Highlights from My Montessori Eco School this past term

The focus of this term’s Mindful Me lessons at My Montessori was Bee breathing or Brahmiri, mindful eating and a new affirming song: “I am Brave, I am Bold, My own spirit, I can hold” from Shakta Kalsa, a kundalini yoga teacher.

Bhramari Pranayama Stage-2The bee breathing was great fun and so good for the kids. We started out by first making the sound of the bee with our mouths open and with our teeth together and then we made the sound while holding our mouths closed.

The vibration that this practice sets up in your head and throat is very noticeable and the kids commented on it easily. We then blocked our ears and closed our eyes ( or tried to close our eyes) and made the humming sound again with a closed mouth a few times. Breathing in first and then humming on the out breath till our breath was finished and we had to breathe in again. I asked them if they noticed that even though they are making a noise with their outside voices if they noticed that they were quiet on the inside. The blocking of the ears and closing of the eyes and the humming vibration creates a kind of cocoon for the mind and it becomes completely calm and still. And as such so does the spirit.

We did some silent sitting then as we will always do in every Mindful Me session When-eating-eatfollowed by a mindful eating practice. I brought a different food item each week to keep it interesting and had the children use each of their senses with the item before they were allowed to put it into their mouths to first taste by rolling around their mouths, then chew, then swallow. What a wonderful experience. The first thing we did was dried cranberries – WOW – what flavour burst from them when at last we bit into them. I also made sure to ask the children if they noticed anything happening in their mouths when they smelled the item each week, and they noticed the subtle watering of the mouth and tasting of the item on their tongues. A Wonderful Wonderful mindful practice. One of the students actually began to practice mindful eating at home with his Dad I was told and a few of the teacher’s commented on how the practice had also affected their lives.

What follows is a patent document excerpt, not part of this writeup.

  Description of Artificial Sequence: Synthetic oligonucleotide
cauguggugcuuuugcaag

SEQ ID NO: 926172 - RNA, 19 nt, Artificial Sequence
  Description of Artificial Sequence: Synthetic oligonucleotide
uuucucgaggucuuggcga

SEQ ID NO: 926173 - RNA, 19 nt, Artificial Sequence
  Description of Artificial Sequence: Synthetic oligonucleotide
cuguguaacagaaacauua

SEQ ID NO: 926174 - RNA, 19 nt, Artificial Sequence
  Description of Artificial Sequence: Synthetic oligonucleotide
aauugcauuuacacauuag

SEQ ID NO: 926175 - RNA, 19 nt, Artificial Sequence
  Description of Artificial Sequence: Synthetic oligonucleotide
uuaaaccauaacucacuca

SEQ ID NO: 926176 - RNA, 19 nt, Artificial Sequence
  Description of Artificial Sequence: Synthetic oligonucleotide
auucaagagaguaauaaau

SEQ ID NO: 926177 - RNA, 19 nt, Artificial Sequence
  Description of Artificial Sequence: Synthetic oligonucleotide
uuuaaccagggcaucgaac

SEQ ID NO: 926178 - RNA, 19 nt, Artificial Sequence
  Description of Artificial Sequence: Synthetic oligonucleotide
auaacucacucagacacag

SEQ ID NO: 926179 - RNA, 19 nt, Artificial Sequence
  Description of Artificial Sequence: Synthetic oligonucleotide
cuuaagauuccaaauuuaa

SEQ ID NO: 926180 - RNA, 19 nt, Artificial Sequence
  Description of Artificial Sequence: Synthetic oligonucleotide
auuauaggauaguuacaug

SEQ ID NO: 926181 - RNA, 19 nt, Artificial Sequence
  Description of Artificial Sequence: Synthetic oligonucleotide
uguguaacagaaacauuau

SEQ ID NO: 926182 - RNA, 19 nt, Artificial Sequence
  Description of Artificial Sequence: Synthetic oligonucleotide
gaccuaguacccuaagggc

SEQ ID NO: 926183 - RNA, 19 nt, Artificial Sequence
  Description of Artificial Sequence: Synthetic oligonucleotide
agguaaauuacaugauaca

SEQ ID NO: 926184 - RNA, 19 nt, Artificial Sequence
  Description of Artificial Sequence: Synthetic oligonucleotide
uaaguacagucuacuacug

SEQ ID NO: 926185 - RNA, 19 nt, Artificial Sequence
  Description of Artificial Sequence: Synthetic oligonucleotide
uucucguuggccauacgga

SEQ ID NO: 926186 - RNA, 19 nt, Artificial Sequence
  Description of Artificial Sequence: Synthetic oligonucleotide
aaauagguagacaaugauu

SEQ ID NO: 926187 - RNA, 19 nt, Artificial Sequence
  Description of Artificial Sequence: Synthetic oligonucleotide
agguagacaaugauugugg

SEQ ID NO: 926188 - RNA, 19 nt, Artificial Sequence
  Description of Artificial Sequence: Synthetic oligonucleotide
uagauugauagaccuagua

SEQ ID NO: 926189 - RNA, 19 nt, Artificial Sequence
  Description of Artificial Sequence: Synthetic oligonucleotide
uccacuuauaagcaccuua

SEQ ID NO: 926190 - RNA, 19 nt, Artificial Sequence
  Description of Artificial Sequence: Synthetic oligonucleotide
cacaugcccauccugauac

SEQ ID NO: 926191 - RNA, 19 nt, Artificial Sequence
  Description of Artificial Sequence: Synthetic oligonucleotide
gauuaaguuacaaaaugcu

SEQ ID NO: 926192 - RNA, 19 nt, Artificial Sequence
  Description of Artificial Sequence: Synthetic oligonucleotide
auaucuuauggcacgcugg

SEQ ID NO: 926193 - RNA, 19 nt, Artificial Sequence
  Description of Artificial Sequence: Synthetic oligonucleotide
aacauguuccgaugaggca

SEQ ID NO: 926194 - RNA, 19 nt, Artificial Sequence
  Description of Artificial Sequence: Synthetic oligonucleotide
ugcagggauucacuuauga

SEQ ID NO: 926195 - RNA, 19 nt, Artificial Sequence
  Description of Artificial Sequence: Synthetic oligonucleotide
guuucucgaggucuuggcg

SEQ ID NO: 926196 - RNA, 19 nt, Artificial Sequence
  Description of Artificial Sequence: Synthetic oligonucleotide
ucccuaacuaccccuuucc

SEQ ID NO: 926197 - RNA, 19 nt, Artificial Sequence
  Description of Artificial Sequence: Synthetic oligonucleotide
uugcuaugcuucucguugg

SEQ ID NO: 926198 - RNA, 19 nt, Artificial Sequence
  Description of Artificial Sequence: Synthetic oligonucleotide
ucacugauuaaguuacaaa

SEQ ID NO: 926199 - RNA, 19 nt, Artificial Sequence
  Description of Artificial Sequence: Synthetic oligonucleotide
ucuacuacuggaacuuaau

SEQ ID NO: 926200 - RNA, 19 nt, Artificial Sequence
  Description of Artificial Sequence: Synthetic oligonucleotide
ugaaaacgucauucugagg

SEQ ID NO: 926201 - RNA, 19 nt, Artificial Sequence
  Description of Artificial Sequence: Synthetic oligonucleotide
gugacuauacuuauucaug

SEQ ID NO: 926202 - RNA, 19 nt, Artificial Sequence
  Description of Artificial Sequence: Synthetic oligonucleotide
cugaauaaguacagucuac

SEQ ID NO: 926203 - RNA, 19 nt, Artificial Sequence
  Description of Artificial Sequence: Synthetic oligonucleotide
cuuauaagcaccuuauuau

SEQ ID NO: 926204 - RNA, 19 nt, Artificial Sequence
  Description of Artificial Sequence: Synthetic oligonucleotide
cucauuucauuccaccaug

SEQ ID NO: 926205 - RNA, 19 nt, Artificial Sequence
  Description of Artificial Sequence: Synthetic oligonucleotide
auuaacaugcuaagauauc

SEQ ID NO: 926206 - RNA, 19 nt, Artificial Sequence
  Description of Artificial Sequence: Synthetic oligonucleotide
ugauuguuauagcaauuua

Then, after some state changers, we moved on to singing our song, I am Brave…. for the term before closing with Namaste. Magic

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Mindful Me video!

It’s taken some time, but here it is! The 20 minute overview of Mindful Me taking place with the 3 – 6 year olds of My Montessori Eco School. Our thanks go to the school for making this beautiful video available to us.

If once watching this you want to find out more about having Mindful Me lessons at your school email mindfulmecapetown@gmail.com

#peace #love #spirit #mindfulness

Two mindfulness lesson plans for My Montessori Eco School

The Mindful Me journey at My Montessori Eco School continues as we move comfortably into the 2nd lesson plan I created for the remaining weeks of the school term. I have changed the breathing technique and some of the exercises for the older classes, but was advised by one of the teachers that it was best to keep it all the same for the younger classes, as they were just getting the hang of the lesson’s activities at week 3 and she didn’t want to change it. So, now we have three classes of children primarily between the ages of 3 and 5 doing one lesson plan and two classes with children between the ages of 4 and 6 doing the other. It’s fine.